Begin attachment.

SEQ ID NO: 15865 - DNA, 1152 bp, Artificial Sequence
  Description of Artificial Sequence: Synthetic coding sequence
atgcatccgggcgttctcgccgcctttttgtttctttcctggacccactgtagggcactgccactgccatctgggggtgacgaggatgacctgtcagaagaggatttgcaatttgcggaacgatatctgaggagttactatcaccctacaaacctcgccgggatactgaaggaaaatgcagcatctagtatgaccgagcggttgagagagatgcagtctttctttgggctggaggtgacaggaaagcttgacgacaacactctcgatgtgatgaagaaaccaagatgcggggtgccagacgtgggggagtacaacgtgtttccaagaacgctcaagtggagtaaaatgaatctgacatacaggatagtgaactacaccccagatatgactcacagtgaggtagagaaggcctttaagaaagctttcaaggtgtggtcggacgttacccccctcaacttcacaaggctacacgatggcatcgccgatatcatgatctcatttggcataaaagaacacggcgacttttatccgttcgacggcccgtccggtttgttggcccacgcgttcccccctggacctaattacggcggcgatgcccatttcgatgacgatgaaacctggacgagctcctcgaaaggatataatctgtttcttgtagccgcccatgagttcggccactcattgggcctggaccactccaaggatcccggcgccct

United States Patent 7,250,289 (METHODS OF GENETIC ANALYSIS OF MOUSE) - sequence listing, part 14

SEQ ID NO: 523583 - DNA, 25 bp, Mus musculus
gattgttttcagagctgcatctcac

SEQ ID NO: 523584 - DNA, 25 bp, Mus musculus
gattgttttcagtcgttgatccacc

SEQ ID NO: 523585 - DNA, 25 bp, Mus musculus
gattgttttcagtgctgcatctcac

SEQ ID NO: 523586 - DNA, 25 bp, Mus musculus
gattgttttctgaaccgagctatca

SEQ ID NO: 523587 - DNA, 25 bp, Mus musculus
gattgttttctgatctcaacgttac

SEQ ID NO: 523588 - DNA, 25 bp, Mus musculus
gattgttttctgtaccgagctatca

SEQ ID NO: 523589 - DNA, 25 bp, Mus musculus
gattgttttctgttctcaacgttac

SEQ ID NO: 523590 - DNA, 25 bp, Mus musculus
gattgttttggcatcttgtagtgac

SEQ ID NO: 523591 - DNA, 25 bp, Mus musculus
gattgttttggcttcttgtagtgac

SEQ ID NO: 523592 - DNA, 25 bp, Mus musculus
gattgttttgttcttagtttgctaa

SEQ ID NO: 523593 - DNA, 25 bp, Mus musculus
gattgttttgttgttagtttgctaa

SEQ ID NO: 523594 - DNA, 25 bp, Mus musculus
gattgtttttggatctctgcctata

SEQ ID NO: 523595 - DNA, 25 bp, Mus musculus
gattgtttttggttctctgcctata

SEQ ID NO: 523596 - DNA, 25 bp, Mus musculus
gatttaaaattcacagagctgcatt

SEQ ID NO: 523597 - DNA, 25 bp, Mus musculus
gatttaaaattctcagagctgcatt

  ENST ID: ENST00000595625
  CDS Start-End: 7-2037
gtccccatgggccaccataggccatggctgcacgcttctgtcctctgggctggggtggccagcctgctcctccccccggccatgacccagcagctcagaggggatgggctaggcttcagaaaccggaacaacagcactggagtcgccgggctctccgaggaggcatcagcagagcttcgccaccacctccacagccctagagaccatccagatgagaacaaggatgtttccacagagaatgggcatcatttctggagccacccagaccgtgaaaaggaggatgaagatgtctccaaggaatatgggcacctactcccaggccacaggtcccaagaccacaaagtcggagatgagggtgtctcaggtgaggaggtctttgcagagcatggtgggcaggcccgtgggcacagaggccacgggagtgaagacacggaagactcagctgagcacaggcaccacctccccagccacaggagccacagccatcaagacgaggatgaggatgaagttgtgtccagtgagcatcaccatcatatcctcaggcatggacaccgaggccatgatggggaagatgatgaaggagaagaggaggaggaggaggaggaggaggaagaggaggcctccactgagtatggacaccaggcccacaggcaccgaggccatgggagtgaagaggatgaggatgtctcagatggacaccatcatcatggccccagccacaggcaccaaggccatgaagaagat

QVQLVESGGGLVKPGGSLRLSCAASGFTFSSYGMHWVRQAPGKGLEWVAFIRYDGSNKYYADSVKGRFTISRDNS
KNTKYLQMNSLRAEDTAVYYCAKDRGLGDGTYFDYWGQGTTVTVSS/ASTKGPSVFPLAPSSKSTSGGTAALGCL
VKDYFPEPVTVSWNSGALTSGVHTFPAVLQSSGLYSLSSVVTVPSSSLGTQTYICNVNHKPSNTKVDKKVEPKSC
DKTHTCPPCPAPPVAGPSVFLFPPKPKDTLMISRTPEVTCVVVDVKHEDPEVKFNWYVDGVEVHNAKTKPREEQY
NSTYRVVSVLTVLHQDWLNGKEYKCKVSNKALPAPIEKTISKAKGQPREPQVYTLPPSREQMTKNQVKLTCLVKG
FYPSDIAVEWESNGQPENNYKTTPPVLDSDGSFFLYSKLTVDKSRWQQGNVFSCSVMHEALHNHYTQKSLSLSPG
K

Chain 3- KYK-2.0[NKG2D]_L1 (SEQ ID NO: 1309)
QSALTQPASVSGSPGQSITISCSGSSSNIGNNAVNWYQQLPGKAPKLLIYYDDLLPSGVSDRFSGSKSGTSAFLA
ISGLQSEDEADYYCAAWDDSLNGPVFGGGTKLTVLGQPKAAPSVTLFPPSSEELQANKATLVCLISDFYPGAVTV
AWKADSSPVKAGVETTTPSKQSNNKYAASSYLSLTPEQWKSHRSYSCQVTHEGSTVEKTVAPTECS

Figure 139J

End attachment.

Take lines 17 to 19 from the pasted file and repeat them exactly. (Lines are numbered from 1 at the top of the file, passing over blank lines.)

SEQ ID NO: 523589 - DNA, 25 bp, Mus musculus
gattgttttctgttctcaacgttac

SEQ ID NO: 523590 - DNA, 25 bp, Mus musculus